!! Monday !!

iVillage Member
Registered: 10-23-2001
!! Monday !!
168
Mon, 06-24-2013 - 7:52am

If you are married, How many years did you wait- if any - to have children after getting married?

Are there any things you miss doing before kids?  If so, what?

Is your life now what you expected it would be 10 or 20 years ago? 

At what point do you self actualize?  Do you believe in it?

What's on your agenda this week?

 

 

 

 


 


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Avatar for savcal2011
iVillage Member
Registered: 10-06-2010
Mon, 06-24-2013 - 9:15am

If you are married, How many years did you wait- if any - to have children after getting married? -- Xh and I waited 4 years.

Are there any things you miss doing before kids?  If so, what? -- Not really anymore.   The Kids don't prevent us from stuff as much as schedules, work, and money do.

Is your life now what you expected it would be 10 or 20 years ago? -- No. Not at all really.

At what point do you self actualize?  Do you believe in it? - Ehh, I've never thought about it in those terms.  I don't overthink my life in general. (Although I'm notorious for overthinking the small things.)

What's on your agenda this week? -- Work, running, kickboxing, Zumba, Lunch with The Boy today after his ortho appt, lunch with The Kids and dh on Wednesday when we renew his vehicle registration. We're going to a local amusement park on Saturday. Will try to find some time to veg by the pool in the evenings. My SIL and her dh and their two kids come in either late Sat night or early Sunday and will spend the day and night with us, heading back out on Monday morning. We'll go to Eskimo Joes for bacon cheese fries with them, and the kids will swim, etc.  It will be really nice to spend that kind of time with them.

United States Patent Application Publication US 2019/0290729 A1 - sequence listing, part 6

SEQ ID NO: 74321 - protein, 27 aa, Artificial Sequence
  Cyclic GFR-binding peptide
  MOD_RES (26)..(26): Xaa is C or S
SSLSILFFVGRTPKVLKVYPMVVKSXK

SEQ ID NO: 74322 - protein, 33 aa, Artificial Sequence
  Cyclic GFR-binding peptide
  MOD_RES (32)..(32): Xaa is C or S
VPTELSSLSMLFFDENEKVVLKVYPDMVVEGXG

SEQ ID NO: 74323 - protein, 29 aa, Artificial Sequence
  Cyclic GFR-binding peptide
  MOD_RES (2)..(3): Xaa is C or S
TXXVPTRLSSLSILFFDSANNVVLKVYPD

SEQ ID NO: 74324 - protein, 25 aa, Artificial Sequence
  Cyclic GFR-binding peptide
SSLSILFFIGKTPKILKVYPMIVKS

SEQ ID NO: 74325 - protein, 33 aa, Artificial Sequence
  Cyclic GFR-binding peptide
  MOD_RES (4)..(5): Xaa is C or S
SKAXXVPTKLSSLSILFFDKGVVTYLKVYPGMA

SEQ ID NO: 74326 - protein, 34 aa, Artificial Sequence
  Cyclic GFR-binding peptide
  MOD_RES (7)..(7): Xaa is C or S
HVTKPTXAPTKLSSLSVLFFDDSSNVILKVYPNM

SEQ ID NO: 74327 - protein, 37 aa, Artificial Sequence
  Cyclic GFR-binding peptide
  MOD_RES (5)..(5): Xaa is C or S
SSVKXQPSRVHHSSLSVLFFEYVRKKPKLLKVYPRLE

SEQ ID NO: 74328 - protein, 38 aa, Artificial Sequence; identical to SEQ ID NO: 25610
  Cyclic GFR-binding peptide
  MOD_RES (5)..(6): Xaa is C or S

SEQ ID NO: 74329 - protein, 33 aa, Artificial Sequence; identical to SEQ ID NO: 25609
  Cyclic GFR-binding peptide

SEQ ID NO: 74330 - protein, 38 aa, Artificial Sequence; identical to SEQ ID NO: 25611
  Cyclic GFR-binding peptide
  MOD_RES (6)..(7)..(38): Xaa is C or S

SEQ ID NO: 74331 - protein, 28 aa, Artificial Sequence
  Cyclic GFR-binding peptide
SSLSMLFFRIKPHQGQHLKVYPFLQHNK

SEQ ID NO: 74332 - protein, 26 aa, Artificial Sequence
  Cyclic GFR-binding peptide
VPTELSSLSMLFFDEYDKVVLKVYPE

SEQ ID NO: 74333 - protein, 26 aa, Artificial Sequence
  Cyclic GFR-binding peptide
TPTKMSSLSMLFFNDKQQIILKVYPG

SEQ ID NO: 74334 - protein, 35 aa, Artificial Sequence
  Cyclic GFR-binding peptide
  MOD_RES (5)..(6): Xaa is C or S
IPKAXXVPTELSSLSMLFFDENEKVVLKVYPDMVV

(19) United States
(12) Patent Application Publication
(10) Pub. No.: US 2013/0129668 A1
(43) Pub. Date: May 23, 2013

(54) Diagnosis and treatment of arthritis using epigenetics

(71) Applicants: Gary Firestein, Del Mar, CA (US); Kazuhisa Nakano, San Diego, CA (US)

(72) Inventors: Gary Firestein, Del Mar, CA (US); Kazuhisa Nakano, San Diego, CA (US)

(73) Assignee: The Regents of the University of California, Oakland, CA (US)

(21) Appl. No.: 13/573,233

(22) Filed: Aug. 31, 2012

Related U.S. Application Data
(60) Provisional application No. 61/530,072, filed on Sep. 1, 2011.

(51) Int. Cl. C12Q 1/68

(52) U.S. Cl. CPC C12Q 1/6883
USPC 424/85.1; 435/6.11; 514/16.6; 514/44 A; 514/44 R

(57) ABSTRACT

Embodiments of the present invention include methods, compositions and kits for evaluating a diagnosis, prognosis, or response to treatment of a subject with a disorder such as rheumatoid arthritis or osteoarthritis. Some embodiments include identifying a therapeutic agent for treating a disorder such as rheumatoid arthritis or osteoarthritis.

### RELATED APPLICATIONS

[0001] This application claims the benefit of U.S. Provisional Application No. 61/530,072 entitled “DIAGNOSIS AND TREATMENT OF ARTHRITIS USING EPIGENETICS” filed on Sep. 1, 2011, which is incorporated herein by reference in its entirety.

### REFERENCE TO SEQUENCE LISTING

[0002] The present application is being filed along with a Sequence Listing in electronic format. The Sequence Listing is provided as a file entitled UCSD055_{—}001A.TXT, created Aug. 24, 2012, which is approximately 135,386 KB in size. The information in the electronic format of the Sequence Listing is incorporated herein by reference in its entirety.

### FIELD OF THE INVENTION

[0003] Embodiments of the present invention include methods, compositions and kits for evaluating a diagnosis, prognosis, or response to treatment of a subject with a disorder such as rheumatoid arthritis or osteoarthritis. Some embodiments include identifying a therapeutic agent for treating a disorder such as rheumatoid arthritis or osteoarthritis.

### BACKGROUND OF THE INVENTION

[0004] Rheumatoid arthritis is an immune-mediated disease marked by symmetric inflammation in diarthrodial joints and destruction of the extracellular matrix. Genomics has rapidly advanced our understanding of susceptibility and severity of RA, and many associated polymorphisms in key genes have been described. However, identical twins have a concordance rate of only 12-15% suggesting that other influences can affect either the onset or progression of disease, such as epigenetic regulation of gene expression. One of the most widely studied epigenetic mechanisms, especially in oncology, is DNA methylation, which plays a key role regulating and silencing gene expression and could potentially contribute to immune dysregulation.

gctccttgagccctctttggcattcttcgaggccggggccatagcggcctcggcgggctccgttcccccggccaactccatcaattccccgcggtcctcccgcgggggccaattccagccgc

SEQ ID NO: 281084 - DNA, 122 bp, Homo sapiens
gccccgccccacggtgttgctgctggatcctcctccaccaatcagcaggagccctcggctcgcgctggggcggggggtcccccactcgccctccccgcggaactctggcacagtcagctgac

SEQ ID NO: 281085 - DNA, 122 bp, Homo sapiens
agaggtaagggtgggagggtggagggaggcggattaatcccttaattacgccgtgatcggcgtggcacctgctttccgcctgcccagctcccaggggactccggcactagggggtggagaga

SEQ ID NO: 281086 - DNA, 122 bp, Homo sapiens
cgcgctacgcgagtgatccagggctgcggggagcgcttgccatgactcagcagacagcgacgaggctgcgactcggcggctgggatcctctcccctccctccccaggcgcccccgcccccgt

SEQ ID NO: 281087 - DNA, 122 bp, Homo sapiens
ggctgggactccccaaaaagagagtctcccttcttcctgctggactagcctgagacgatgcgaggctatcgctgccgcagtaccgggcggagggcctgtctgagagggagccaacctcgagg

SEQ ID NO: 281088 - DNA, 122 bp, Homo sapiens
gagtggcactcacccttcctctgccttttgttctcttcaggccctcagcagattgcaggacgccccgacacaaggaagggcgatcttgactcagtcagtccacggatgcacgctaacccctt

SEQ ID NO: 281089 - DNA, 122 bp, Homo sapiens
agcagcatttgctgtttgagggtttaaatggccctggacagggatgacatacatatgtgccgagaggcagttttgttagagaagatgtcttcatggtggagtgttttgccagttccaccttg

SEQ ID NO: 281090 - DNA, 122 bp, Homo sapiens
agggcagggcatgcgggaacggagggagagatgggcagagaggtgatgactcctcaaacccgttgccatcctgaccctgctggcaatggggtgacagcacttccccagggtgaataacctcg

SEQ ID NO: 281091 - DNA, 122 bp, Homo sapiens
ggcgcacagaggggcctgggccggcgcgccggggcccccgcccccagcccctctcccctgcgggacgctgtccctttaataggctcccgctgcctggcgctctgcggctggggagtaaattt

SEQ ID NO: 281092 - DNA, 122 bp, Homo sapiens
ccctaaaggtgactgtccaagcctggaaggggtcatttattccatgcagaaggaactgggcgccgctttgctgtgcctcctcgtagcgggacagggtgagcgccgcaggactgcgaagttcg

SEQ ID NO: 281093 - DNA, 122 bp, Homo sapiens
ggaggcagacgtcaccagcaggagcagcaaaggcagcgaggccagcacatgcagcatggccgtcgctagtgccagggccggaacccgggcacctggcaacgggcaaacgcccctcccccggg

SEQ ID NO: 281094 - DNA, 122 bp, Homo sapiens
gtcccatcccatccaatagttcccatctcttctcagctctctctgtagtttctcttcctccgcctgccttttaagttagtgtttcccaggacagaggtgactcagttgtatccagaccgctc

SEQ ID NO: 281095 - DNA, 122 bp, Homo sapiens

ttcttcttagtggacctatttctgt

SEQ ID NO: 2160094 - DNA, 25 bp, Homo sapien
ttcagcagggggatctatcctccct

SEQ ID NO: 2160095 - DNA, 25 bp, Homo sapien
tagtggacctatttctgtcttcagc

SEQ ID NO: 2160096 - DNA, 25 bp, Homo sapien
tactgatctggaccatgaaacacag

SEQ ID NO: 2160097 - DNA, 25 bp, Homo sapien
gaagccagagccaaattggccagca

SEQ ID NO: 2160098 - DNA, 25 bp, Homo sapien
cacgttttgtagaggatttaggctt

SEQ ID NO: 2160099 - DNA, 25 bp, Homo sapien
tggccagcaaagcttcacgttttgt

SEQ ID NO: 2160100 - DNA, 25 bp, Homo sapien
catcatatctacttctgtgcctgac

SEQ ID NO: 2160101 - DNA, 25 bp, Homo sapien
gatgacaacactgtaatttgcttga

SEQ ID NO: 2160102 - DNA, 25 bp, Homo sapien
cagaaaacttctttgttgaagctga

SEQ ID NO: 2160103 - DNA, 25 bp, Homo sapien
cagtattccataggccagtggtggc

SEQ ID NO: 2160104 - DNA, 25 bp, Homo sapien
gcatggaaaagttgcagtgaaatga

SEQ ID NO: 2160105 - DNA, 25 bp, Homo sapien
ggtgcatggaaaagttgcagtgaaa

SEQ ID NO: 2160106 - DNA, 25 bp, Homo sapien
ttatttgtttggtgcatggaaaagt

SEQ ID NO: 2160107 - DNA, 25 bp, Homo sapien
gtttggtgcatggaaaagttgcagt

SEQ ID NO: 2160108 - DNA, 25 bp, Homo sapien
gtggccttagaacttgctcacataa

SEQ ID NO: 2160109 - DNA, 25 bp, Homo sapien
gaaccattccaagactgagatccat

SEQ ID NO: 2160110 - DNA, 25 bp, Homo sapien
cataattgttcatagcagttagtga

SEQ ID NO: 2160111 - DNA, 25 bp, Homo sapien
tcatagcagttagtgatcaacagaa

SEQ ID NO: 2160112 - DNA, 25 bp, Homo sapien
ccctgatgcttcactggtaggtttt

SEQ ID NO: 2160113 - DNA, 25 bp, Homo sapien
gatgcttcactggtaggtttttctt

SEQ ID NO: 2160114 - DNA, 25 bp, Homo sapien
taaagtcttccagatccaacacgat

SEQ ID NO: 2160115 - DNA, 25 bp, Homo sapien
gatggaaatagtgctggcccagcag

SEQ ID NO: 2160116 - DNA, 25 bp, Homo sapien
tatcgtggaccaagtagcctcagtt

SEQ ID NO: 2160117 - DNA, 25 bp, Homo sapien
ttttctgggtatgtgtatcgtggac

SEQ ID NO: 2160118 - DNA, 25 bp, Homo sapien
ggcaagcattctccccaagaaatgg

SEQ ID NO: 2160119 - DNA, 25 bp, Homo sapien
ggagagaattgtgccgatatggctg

"I don’t mind a banshee, that’s fine. 2 banshees? I HATE you. I actually wish bad things upon you." -- Day[9] Daily #459 P1

Avatar for savcal2011
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Registered: 10-06-2010
Mon, 06-24-2013 - 9:19am

jamblessedthree wrote:
Self actualization is very real in the psychology world and it's a theory professionals in the field defend.  I agree it isn't something an individual recognizes in him/herself but I do see it as a point of peace instead of chasing some inflated dream or goal anymore. </p>

Is it real like cartoon characters?

"I don’t mind a banshee, that’s fine. 2 banshees? I HATE you. I actually wish bad things upon you." -- Day[9] Daily #459 P1

iVillage Member
Registered: 10-23-2001
Mon, 06-24-2013 - 9:24am

savcal2011 wrote:
<p><blockquote class="quote-msg quote-nest-1 odd"><div class="quote-author"><em class="placeholder">jamblessedthree</em> wrote:</div>Self actualization is very real in the psychology world and it's a theory professionals in the field defend.  I agree it isn't something an individual recognizes in him/herself but I do see it as a point of peace instead of chasing some inflated dream or goal anymore. &lt;/p&gt;</blockquote></p><p>Is it real like cartoon characters?</p>

Cute.  It's the opposite of pretending you're somebody you're really not. 

 

 


 


iVillage Member
Registered: 01-08-2009
Mon, 06-24-2013 - 9:28am
In that case, most everyone I know is "self-actualized." The "pretending/posing" bit usually wears off in high school or late teens, IME. I'm thinking that the most content/at peace person I ever observed was the severely autistic daughter of a friend, who at the age of three, had all if her needs met and was blissfully happy and at peace as long as she could sit by the window and sift puzzle pieces through her fingers. Funny how her patents lay siege to that particular state of nirvana.
iVillage Member
Registered: 09-01-2002
Mon, 06-24-2013 - 9:29am

Happy birthday, Jamblessed!

If you are married, How many years did you wait- if any - to have children after getting married?

We waited a year to have children ~ which is a few months longer than the time we waited to get engaged and married combined!